Idris Elba says Ford Dagenham was more diverse than TV industry today
PUBLISHED: 19:00 18 January 2016 | UPDATED: 18:08 21 January 2016
PA/Press Association Images
Idris Elba told MPs today that “there is more diversity in Ford Dagenham” than in the TV industry.
The Luther star, who was born in east London, made the comments during a speech in Westminster which highlighted the lack of multiculturalism.
“My Dad worked in a car factory, so before I could get work as an actor, I ended up doing night shifts at Ford Dagenham,” Elba said.
“In fact Ford Dagenham turned out to have more opportunity, and more diversity, than the TV industry I was trying to break into.”
He accused TV industry executives of not properly reflecting the society we live in, resulting in talented performers being “thrown on the scrapheap”.
“People in the TV world often aren’t the same as people in the real world,” the 43-year-old said. “And there’s an even bigger gap between people who make TV, and people who watch TV.
“I should know, I live in the TV world. And although there’s a lot of reality TV, TV hasn’t caught up with reality.”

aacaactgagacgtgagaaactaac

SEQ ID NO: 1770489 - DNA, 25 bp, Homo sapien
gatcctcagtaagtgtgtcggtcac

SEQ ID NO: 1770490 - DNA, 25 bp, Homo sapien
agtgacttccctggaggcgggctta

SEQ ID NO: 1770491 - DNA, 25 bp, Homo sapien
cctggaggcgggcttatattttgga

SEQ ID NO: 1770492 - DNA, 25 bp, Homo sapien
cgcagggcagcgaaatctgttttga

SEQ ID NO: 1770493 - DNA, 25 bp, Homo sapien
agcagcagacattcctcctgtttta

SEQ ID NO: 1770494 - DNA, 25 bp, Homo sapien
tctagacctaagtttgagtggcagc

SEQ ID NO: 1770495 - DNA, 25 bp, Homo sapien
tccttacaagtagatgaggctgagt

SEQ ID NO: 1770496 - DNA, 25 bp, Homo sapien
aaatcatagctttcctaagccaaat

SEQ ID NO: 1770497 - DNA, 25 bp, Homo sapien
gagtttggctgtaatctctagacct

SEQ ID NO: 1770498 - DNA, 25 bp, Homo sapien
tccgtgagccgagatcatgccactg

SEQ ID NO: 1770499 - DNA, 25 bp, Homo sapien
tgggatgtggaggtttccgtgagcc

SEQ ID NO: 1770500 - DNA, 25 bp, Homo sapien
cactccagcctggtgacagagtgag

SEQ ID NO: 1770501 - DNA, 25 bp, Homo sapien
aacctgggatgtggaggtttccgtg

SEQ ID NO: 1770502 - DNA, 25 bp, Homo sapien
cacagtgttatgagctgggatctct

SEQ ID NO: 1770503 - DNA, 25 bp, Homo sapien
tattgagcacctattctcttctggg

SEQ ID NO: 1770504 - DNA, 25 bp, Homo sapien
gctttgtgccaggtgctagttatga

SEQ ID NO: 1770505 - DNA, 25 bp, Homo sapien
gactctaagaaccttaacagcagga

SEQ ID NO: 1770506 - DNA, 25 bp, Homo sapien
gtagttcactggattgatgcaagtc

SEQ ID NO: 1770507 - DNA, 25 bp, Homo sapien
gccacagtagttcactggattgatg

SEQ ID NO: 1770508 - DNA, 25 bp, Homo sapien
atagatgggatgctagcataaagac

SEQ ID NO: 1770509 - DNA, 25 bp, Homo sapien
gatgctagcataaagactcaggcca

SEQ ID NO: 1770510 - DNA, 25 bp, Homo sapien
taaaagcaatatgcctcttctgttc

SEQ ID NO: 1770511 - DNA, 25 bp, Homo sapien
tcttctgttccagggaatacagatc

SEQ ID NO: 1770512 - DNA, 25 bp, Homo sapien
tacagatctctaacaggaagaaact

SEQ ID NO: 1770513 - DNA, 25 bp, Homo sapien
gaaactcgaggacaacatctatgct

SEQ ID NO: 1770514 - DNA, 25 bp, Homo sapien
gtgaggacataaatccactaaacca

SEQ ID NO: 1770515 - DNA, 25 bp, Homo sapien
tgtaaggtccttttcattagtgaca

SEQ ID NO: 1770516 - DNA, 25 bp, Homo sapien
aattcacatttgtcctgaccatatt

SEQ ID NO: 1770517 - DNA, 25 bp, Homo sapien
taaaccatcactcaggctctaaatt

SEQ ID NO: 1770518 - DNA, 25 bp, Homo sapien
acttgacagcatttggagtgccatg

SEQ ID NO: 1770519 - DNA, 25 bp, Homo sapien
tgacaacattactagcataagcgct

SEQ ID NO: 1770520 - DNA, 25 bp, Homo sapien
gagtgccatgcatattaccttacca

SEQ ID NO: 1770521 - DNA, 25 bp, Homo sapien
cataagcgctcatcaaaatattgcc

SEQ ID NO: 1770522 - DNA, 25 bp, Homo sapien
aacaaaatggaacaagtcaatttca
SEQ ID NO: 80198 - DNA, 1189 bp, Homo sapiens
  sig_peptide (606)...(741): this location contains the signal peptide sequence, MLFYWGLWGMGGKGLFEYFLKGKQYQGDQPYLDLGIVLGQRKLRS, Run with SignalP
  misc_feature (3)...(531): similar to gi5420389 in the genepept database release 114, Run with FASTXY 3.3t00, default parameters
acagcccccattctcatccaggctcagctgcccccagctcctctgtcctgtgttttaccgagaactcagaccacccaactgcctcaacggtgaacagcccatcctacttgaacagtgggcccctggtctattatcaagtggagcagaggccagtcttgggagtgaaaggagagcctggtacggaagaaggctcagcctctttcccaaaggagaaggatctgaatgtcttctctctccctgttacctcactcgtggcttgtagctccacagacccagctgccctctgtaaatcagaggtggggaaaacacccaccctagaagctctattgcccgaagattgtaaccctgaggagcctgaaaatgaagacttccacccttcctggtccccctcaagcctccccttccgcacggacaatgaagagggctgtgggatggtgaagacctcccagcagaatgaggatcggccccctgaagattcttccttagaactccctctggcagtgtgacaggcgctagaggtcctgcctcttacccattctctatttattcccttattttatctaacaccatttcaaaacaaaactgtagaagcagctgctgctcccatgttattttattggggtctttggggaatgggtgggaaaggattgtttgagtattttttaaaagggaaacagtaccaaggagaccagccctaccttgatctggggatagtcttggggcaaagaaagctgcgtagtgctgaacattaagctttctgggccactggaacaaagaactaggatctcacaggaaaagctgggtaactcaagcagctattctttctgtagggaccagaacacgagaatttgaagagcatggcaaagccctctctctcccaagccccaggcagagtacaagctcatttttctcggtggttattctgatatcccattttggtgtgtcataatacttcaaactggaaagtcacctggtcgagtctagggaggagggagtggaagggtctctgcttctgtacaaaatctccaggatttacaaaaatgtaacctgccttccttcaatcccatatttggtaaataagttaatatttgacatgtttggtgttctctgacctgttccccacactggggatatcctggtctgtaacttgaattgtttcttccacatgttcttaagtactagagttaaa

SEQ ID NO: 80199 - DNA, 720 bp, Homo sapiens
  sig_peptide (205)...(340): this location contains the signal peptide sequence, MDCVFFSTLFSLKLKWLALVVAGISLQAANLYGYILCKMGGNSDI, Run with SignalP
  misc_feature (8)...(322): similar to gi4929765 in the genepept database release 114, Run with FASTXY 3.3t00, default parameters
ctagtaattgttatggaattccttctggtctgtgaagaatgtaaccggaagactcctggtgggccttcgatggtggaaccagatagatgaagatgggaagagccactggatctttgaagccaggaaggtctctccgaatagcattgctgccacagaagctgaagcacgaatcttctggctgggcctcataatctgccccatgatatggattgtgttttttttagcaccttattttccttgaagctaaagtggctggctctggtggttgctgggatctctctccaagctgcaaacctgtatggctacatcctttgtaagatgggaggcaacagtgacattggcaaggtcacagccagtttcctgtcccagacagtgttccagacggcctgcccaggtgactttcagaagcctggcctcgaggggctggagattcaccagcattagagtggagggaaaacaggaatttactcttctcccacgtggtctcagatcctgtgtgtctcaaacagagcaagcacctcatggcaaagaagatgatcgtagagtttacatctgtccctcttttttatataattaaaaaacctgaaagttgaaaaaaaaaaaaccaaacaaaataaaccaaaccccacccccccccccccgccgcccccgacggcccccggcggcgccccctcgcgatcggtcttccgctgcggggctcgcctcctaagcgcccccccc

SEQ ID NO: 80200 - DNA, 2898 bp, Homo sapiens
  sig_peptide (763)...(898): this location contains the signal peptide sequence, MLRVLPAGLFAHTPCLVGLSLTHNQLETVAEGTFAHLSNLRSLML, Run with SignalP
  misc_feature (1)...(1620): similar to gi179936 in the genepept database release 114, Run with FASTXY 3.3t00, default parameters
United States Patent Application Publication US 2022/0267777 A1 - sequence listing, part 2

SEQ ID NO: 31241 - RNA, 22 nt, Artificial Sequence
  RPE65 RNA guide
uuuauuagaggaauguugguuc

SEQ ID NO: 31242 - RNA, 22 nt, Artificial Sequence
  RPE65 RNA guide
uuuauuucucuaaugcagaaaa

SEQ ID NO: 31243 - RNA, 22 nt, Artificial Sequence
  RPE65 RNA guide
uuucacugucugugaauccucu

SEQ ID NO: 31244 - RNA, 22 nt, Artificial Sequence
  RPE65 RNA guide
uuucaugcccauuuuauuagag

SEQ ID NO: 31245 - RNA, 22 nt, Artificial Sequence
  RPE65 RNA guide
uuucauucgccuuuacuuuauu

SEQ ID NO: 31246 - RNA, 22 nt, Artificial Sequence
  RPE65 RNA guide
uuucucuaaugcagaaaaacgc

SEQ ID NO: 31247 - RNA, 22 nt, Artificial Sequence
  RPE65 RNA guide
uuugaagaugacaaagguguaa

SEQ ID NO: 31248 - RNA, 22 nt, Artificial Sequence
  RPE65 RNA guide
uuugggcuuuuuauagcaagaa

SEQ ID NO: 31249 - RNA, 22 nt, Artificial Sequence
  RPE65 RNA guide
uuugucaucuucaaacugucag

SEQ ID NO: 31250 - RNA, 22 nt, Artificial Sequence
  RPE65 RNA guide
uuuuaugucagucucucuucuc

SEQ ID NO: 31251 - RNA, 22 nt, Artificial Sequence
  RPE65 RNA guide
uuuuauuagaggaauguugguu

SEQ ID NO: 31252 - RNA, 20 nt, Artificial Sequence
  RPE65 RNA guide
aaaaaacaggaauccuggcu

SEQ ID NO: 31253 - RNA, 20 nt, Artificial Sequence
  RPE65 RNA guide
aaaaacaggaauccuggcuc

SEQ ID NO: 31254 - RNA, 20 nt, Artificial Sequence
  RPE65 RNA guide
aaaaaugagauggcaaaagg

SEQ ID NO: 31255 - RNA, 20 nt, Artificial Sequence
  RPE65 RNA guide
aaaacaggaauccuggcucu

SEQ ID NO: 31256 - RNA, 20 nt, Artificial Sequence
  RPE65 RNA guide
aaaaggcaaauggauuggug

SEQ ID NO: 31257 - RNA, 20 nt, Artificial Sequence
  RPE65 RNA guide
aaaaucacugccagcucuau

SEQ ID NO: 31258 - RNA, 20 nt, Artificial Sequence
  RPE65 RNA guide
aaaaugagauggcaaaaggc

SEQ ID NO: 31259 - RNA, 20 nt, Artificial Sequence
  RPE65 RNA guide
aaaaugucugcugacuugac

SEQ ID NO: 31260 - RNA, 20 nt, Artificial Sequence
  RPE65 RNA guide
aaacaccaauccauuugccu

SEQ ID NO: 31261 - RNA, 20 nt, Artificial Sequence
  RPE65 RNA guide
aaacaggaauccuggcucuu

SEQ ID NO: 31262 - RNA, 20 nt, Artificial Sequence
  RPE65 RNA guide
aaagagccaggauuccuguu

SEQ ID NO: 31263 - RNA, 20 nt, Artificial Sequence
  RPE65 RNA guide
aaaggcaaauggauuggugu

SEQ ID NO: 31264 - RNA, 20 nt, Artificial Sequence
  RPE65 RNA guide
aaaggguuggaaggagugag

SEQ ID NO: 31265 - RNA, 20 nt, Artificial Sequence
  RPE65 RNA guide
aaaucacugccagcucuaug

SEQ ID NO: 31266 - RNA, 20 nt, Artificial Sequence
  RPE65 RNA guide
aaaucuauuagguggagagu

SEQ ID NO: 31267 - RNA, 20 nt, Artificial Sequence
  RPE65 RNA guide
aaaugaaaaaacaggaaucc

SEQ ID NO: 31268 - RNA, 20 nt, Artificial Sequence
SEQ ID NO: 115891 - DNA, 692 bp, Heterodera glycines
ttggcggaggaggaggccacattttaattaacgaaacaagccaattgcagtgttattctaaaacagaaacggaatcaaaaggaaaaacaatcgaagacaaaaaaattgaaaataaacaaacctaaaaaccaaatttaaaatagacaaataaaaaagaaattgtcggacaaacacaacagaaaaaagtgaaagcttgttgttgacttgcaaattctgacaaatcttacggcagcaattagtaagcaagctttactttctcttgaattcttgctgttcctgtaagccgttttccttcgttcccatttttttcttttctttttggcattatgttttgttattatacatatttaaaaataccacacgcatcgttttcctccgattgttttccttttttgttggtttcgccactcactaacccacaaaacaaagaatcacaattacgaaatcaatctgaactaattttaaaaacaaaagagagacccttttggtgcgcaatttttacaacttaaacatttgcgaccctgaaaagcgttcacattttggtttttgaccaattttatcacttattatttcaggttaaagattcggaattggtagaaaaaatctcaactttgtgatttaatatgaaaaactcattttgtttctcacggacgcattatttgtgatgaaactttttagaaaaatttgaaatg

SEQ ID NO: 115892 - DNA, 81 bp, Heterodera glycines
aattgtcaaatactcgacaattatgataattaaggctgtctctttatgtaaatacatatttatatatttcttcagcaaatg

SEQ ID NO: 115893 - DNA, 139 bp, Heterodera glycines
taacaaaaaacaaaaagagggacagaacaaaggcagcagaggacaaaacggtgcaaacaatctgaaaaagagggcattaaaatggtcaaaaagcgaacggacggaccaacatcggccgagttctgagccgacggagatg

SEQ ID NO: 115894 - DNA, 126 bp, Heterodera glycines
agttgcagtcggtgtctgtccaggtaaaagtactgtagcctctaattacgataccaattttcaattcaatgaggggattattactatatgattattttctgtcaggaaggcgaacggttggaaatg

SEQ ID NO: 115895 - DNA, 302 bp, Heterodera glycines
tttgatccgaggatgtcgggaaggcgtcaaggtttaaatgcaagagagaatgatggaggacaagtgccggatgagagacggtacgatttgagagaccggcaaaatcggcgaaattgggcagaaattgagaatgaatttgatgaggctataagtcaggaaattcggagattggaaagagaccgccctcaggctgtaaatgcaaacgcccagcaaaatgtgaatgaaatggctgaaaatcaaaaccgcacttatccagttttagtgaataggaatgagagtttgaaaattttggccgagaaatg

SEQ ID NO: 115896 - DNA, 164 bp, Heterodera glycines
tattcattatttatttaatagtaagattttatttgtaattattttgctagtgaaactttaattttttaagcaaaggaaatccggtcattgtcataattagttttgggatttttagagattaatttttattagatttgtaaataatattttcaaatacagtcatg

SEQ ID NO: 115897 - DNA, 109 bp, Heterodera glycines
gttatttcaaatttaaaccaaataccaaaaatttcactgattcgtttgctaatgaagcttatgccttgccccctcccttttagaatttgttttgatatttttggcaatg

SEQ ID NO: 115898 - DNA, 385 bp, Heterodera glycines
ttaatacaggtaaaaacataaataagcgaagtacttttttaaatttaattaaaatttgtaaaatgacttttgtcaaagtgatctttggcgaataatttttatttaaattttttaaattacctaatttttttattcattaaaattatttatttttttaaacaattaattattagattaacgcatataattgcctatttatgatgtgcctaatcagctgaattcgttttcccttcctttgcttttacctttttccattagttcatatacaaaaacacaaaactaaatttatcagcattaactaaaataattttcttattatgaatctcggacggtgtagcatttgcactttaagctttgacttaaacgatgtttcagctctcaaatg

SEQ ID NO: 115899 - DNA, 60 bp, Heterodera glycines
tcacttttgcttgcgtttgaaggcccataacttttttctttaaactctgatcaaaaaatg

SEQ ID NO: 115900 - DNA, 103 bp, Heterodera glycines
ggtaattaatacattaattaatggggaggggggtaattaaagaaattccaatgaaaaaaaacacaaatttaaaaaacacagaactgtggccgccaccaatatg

The Wire star said the main difference between both was down to “opportunity”.
He said: “Talent is everywhere, opportunity isn’t. And talent can’t reach opportunity.”
The actor delivered his speech in front of 100 MPs and senior television executives at a meeting organised by Channel 4 bosses.
Citing his own example, Elba said the lack of diversity has forced many black UK actors to move to the US for work as a result because many had been trapped playing “best friends” and “cop sidekick parts”.
His comments about greater work opportunities existing in the motor industry than in the creative industries were backed by ITV journalist and newsreader Charlene White.
She said: “Yep! My dad and his mates were all Ford Dagenham workers...”
Elba’s commments come after this year’s nominees for Academy Awards failed to include any black or minority ethnic talent in the lead or supporting actor and actress categories.
In 2014, Elba and Sir Lenny Henry were among signatories on a letter to broadcasters calling for money to be ringfenced for black, Asian and minority ethnic (BAME) programmes.
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